Evidence cited in the latest recession paper suggests that over the Spring and Summer months, people have been saving money on accommodation, but continuing to spend on visits to cultural attractions such as museums, historic houses and visitor attractions when visiting in the region.

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West Midlands culture: an antidote to the downturn?

rolerr-coaster-pic_LAAccording to the latest cultural sector economic snapshot (PDF, 360kb) published this week by the West Midlands Cultural Observatory, culture will have its role to play in the region’s post-recession recovery.

Evidence cited in the new paper suggests that West Midlands residents may be turning to culture as an antidote to the downturn.

Visitor numbers for local visitor attractions have exceeded the national average for both the October–December 2008 and January–March 2009 quarters.

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Latest recession research highlights contrasting fortunes of cultural organisations in the West Midlands

Curving celing at NEC BirminghamConsumers are behaving in unusual ways and this is having a conflicting impact on our region’s cultural venues.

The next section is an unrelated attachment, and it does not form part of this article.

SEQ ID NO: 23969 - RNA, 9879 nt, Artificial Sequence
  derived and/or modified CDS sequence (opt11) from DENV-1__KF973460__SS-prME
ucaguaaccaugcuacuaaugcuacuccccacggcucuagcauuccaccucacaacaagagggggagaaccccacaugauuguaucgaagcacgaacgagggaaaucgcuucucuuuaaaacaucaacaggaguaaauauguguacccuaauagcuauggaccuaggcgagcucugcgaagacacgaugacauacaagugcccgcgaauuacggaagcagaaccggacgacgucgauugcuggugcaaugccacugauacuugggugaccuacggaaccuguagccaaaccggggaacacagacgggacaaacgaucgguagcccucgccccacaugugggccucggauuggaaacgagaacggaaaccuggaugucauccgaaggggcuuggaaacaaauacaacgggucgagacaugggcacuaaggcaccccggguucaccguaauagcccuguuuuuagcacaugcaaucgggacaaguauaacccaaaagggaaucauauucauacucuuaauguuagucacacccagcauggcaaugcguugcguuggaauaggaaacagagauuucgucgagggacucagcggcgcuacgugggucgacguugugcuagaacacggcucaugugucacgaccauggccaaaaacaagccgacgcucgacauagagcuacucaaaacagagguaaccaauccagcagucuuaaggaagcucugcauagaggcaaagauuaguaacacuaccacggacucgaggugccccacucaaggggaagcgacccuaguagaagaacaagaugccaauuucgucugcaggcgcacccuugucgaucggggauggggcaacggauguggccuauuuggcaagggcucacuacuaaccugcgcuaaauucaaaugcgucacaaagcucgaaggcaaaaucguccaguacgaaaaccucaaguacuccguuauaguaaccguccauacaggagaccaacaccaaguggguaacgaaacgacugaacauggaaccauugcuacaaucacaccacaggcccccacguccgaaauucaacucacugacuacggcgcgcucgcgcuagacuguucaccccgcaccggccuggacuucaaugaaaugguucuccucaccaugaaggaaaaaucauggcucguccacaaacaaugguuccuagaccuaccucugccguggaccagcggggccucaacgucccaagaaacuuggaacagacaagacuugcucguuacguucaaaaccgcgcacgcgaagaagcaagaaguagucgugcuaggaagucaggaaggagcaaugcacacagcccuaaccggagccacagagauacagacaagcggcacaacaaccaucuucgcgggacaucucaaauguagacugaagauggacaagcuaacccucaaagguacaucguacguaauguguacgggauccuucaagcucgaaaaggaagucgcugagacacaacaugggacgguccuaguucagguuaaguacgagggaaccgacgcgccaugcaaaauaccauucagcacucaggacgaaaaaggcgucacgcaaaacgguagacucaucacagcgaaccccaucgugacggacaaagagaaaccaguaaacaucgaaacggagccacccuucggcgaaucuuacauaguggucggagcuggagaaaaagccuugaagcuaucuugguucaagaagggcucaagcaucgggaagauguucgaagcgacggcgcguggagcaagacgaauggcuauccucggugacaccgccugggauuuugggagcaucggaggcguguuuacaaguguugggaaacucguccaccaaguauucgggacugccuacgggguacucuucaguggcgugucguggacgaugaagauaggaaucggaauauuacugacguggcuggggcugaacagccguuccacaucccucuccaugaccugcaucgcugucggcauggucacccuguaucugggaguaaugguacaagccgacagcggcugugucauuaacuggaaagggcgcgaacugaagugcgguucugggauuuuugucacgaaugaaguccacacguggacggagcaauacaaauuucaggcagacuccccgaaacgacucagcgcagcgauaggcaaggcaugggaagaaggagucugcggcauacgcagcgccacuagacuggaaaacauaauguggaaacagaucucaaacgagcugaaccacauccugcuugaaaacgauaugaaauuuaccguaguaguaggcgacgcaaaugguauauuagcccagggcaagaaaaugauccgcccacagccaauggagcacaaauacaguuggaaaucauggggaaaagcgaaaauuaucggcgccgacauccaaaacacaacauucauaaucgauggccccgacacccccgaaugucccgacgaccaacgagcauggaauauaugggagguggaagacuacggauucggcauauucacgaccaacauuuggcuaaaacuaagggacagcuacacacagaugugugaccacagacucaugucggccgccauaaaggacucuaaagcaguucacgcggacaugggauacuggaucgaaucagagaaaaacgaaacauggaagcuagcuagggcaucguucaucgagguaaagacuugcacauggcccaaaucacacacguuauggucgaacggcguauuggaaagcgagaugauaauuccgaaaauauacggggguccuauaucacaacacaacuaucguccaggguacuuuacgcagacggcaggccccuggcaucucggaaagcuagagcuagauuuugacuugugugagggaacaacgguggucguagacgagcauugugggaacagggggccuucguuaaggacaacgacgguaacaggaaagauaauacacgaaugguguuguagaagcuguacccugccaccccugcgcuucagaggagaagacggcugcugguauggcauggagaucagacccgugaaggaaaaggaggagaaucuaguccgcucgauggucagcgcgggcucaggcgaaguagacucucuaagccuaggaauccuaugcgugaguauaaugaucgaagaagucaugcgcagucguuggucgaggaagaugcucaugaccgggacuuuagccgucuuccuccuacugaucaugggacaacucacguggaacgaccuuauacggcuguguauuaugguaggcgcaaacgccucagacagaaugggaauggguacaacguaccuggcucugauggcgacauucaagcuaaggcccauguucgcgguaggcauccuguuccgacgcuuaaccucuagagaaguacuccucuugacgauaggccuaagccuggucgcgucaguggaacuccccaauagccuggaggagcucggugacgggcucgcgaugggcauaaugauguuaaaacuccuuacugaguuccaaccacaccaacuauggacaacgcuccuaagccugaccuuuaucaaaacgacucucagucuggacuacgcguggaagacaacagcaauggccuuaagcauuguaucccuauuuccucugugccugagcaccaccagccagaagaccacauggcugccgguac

While our visitor attractions are bucking the national trend and attracting more visitors, there continues to be cause for concern amongst architectural, advertising, arts and business tourism professionals, many of whom are battling against a tide of reduced business and cash availability.

According to new recession research (doc, 284kb) published this week by the West Midlands Cultural Observatory, regional visitor attractions may be benefitting from an increasing tendency for people to enjoy leisure pursuits closer to home.

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Guidance for local authorities undertaking research into culture

Stratford Royal Shakespeare theatre at nightEver read through a research report and wished that you could have the same types of information for the geographical area that you live and work in?

With this in mind, the West Midlands Cultural Observatory has just published a guidance paper (Word, 226KB) aimed at local authorities in the West Midlands who want to replicate the research presented in the two recent evidence papers:

This includes, for example, research into:

  • Numbers of people employed by cultural and creative industries.